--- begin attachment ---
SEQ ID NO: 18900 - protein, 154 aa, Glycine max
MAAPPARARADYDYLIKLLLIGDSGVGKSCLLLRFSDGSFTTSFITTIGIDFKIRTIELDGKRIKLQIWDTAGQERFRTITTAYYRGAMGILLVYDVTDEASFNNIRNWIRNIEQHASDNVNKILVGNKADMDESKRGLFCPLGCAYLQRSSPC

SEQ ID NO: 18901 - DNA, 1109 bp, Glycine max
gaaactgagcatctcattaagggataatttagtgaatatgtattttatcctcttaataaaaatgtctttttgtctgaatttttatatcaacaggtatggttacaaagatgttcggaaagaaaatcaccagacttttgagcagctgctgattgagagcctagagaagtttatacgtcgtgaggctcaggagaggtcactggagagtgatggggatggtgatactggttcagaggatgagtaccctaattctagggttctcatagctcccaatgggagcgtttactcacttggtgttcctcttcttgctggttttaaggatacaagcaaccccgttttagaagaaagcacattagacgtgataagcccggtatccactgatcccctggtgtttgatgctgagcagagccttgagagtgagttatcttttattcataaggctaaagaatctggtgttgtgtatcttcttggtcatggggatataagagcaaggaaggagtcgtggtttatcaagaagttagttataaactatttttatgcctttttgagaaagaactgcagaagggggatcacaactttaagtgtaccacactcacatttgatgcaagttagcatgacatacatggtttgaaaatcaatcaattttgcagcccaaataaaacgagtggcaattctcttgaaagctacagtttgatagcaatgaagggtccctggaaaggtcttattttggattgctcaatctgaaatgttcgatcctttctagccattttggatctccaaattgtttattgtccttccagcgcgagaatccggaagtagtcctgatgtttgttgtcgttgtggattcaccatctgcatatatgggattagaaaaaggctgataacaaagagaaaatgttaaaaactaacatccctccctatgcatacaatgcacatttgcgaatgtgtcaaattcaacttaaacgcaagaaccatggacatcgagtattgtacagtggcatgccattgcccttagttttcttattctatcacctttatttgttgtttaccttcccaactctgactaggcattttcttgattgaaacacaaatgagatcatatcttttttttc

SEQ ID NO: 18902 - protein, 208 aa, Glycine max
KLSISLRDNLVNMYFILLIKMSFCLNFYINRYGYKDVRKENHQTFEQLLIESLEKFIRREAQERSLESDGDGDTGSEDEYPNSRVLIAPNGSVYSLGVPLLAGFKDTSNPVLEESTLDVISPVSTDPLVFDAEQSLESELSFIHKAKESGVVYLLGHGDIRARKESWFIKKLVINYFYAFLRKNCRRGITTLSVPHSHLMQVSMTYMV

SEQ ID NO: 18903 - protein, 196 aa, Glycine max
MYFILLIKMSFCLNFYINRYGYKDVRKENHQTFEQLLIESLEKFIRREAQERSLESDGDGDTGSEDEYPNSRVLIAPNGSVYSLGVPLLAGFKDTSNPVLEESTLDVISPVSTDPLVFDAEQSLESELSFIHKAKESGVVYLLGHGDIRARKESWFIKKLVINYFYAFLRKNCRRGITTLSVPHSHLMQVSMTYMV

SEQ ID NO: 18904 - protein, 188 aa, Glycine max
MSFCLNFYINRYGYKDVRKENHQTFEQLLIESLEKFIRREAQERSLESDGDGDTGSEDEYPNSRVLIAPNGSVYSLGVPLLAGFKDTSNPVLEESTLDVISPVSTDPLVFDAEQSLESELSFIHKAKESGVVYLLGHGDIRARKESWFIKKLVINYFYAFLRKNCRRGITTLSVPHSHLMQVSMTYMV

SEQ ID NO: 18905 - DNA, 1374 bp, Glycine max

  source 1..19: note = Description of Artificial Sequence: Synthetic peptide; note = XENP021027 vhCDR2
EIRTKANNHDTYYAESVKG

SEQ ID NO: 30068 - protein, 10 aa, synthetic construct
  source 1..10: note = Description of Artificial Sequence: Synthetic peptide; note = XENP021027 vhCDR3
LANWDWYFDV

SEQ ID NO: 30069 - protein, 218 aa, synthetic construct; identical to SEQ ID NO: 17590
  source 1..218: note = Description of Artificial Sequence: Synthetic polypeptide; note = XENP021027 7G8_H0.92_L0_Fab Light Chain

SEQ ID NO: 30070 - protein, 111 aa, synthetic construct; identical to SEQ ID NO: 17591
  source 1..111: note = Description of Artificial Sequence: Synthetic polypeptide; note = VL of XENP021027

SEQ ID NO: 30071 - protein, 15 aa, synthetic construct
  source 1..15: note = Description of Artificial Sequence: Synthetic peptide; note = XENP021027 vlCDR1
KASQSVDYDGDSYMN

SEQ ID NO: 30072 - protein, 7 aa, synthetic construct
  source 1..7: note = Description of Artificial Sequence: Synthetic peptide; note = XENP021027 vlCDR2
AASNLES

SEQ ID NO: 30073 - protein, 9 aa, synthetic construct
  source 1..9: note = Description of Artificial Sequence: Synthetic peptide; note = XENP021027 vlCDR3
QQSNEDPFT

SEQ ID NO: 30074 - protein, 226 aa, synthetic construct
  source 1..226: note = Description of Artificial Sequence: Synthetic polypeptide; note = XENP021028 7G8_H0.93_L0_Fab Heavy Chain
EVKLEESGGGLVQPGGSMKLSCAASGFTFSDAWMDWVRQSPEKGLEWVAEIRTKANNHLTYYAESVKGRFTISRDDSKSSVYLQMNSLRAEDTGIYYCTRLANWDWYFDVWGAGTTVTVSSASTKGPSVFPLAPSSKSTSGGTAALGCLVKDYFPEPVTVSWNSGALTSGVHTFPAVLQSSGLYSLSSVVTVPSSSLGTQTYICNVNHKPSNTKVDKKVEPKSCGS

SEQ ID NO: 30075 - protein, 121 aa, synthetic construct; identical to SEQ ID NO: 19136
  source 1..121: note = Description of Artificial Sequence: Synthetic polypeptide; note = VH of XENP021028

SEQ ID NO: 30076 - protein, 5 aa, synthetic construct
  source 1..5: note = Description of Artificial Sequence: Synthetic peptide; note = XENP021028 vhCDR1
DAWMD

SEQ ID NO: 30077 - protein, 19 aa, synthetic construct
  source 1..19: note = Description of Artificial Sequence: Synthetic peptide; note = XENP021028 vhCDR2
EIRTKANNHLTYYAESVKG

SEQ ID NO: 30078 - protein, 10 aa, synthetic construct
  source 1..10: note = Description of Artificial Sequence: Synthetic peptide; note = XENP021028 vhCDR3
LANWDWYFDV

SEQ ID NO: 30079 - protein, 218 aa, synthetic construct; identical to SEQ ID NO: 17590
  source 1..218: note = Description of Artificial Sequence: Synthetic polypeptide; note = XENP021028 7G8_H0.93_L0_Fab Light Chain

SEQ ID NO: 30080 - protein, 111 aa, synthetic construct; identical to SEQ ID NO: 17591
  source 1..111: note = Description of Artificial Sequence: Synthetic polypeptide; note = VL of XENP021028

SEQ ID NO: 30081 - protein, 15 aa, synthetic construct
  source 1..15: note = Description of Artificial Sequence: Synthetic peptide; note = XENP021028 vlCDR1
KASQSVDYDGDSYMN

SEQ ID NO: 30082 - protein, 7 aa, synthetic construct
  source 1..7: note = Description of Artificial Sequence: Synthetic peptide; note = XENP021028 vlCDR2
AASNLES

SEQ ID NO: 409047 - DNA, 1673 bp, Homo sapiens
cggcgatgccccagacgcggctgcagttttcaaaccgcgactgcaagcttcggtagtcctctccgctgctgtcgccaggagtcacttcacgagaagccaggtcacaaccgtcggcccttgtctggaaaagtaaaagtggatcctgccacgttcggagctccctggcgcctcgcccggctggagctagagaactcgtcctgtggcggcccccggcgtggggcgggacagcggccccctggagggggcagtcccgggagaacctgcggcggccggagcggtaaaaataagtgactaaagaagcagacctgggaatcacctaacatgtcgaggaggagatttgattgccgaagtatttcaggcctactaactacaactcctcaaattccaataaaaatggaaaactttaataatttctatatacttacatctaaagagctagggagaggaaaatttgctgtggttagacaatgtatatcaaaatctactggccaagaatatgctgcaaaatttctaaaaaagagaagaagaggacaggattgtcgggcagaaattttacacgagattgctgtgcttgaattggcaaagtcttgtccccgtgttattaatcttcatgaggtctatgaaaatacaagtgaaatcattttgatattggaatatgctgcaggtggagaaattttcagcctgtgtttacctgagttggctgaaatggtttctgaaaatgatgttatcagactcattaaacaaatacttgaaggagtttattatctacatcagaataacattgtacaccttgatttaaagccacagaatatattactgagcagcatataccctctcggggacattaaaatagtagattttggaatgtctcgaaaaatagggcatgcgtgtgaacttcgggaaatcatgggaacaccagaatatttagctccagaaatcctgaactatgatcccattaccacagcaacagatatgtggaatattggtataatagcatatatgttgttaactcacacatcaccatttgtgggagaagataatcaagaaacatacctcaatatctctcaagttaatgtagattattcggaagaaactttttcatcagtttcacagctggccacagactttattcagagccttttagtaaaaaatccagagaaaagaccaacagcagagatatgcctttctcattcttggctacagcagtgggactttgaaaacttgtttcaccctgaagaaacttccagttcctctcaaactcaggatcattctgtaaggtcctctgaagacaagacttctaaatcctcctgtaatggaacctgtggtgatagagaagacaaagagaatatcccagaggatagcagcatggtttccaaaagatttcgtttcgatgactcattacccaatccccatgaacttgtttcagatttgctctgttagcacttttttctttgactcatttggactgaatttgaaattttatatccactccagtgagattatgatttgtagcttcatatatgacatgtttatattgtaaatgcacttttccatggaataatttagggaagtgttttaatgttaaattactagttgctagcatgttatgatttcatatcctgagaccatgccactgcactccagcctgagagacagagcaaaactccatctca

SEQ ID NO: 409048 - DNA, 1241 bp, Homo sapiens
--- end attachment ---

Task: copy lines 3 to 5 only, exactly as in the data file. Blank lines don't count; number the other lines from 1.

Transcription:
SEQ ID NO: 18901 - DNA, 1109 bp, Glycine max
gaaactgagcatctcattaagggataatttagtgaatatgtattttatcctcttaataaaaatgtctttttgtctgaatttttatatcaacaggtatggttacaaagatgttcggaaagaaaatcaccagacttttgagcagctgctgattgagagcctagagaagtttatacgtcgtgaggctcaggagaggtcactggagagtgatggggatggtgatactggttcagaggatgagtaccctaattctagggttctcatagctcccaatgggagcgtttactcacttggtgttcctcttcttgctggttttaaggatacaagcaaccccgttttagaagaaagcacattagacgtgataagcccggtatccactgatcccctggtgtttgatgctgagcagagccttgagagtgagttatcttttattcataaggctaaagaatctggtgttgtgtatcttcttggtcatggggatataagagcaaggaaggagtcgtggtttatcaagaagttagttataaactatttttatgcctttttgagaaagaactgcagaagggggatcacaactttaagtgtaccacactcacatttgatgcaagttagcatgacatacatggtttgaaaatcaatcaattttgcagcccaaataaaacgagtggcaattctcttgaaagctacagtttgatagcaatgaagggtccctggaaaggtcttattttggattgctcaatctgaaatgttcgatcctttctagccattttggatctccaaattgtttattgtccttccagcgcgagaatccggaagtagtcctgatgtttgttgtcgttgtggattcaccatctgcatatatgggattagaaaaaggctgataacaaagagaaaatgttaaaaactaacatccctccctatgcatacaatgcacatttgcgaatgtgtcaaattcaacttaaacgcaagaaccatggacatcgagtattgtacagtggcatgccattgcccttagttttcttattctatcacctttatttgttgtttaccttcccaactctgactaggcattttcttgattgaaacacaaatgagatcatatcttttttttc

SEQ ID NO: 18902 - protein, 208 aa, Glycine max